In 2012-2013 North Carolina used End-of-Grade (EOG) tests to assess students in grades 3 through 8 in reading and math, and grades 5 and 8 in science. The EOG is a standards-based test, which means it measures how well students are mastering specific skills defined for each grade by the state of North Carolina. Students must pass the grade 8 EOG test in order to graduate from high school. The goal is for all students to score at or above the proficient level on the tests.

The different student groups are identified by the North Carolina Department of Public Instruction. If there are fewer than 10 students in a particular group in a school, data for that group is not reported.

Source: North Carolina Department of Public Instruction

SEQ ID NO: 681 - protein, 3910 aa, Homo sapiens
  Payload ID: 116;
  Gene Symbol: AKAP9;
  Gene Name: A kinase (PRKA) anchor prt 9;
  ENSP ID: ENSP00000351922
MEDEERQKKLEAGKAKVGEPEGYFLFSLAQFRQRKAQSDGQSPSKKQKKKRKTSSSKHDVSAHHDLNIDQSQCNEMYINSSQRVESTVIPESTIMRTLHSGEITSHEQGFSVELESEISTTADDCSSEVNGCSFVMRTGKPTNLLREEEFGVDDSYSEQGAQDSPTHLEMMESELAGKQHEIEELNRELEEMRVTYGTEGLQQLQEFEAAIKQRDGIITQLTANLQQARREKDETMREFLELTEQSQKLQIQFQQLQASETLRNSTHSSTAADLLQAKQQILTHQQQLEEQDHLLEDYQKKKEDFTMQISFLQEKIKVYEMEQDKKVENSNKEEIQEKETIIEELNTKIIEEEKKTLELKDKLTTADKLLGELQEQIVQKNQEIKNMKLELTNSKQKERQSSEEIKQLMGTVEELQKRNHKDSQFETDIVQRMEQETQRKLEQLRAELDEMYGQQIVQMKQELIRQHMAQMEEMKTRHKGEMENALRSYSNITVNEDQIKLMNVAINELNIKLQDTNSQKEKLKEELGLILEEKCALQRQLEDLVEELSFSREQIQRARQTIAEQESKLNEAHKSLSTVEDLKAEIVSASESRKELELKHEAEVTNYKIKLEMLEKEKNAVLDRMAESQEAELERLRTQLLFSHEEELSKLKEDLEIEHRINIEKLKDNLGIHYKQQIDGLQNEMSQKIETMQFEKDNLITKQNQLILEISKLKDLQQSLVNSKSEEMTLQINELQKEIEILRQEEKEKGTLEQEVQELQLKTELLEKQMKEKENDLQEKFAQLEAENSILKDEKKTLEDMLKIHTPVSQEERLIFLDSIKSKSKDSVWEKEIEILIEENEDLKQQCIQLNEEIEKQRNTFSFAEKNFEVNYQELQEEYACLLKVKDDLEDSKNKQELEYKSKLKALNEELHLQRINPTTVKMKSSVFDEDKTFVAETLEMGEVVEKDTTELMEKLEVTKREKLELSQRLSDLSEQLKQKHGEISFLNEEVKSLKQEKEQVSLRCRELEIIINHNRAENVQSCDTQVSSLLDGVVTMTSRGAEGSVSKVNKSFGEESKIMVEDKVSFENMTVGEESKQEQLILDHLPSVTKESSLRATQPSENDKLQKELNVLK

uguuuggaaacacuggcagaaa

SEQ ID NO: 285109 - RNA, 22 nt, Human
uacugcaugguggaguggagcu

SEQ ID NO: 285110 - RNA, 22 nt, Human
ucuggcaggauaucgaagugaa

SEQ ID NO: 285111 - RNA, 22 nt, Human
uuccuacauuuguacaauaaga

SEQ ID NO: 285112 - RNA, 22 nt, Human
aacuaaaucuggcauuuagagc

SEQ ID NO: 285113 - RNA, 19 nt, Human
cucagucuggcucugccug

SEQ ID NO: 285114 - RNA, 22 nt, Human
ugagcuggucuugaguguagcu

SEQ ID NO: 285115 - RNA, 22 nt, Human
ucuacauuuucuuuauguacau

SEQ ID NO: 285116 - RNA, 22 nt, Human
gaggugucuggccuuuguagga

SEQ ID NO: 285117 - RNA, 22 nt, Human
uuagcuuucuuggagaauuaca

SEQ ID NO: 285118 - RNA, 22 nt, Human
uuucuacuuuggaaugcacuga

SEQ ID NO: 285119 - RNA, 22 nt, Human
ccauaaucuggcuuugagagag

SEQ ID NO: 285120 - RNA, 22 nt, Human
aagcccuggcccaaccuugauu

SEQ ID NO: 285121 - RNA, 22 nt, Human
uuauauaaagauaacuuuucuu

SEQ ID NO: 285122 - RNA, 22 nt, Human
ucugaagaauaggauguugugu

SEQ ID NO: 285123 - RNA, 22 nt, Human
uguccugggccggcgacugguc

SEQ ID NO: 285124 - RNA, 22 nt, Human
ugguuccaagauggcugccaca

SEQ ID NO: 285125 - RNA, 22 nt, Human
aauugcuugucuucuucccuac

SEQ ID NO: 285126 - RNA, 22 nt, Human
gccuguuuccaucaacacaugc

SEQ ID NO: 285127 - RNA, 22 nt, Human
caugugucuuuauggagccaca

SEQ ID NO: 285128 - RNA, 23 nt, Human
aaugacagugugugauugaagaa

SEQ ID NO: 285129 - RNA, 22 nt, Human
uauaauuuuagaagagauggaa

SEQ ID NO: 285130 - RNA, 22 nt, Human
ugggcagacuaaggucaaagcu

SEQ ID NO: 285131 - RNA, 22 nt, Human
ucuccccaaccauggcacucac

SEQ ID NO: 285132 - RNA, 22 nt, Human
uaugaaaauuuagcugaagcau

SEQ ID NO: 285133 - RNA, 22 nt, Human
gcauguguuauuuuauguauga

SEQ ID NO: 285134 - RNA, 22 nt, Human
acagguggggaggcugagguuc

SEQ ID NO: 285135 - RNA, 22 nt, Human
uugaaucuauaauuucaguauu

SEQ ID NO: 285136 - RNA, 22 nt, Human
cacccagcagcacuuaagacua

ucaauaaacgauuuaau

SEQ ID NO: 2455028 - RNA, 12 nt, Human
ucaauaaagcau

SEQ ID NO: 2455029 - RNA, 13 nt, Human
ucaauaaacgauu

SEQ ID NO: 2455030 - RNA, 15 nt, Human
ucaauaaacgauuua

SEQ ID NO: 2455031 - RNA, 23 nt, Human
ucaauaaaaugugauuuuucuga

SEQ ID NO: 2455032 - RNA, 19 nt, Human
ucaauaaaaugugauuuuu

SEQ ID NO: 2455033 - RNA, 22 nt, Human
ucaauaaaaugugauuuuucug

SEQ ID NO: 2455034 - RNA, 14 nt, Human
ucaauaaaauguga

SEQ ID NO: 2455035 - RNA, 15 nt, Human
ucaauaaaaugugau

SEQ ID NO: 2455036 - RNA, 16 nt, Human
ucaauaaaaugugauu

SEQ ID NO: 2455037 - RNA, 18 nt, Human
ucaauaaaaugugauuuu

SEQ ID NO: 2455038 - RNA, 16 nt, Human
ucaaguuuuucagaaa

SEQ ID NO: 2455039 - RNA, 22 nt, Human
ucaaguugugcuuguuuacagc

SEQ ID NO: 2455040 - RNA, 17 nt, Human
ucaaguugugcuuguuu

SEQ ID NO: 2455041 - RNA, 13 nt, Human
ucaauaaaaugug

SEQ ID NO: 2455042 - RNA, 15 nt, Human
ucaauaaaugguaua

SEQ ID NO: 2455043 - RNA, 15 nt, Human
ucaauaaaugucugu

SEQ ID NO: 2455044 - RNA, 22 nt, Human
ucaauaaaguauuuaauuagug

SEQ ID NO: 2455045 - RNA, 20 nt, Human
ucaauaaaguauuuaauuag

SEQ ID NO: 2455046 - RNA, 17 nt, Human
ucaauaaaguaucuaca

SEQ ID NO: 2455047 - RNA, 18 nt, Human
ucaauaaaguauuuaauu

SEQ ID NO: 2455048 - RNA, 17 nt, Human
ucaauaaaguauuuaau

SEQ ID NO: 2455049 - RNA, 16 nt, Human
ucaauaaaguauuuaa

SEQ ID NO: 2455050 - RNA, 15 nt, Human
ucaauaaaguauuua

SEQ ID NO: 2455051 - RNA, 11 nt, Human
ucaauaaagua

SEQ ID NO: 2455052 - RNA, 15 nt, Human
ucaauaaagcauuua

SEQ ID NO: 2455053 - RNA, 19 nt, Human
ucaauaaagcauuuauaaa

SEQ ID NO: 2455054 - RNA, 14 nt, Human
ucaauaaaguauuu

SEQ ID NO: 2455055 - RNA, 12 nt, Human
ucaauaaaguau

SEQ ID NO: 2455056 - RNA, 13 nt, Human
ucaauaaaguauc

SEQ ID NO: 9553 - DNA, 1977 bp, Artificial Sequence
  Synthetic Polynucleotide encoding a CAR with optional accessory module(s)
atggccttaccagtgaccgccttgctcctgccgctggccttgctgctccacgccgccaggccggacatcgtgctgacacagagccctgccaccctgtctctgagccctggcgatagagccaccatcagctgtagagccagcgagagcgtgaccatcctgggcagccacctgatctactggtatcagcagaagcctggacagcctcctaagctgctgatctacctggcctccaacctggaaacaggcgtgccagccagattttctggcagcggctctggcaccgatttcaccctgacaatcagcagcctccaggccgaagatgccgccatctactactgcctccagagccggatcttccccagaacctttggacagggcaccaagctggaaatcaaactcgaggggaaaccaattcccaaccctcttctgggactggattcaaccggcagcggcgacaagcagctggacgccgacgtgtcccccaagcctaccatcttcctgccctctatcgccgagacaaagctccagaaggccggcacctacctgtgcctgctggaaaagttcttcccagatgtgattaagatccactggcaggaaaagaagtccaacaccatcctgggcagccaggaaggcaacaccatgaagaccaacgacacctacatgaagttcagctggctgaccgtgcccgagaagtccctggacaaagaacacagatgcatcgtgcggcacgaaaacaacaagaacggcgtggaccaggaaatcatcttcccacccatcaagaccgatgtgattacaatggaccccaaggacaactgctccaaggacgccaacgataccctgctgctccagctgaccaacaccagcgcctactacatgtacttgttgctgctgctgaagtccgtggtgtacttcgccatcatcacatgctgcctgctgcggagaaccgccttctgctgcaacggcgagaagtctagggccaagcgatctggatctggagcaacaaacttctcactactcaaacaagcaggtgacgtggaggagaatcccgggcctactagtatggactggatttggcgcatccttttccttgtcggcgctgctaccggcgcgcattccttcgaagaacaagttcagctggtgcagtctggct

Math

All Students20%
Female24%
Male15%
Black10%
Asiann/a
Hispanicn/a
Multiracialn/a
American Indiann/a
Native Hawaiian/Pacific Islandern/a
Whiten/a
Economically disadvantaged18%
Not economically disadvantaged30%
Students with disabilities10%
Non-disabled students22%
Limited English proficiencyn/a
Proficient in English20%
Migrantn/a
Non-migrant20%
Academically giftedn/a

Reading

All Students29%
Female27%
Male31%
Black20%
Asiann/a
Hispanicn/a
Multiracialn/a
American Indiann/a
Native Hawaiian/Pacific Islandern/a
Whiten/a
Economically disadvantaged27%
Not economically disadvantaged40%
Students with disabilities10%
Non-disabled students33%
Limited English proficiencyn/a
Proficient in English29%
Migrantn/a
Non-migrant29%
Academically giftedn/a

Science

All Students46%
Female42%
Male50%
Black33%
Asiann/a
Hispanicn/a
Multiracialn/a
American Indiann/a
Native Hawaiian/Pacific Islandern/a
Whiten/a
Economically disadvantaged43%
Not economically disadvantaged60%
Students with disabilities-5%
Non-disabled students55%
Limited English proficiencyn/a
Proficient in English46%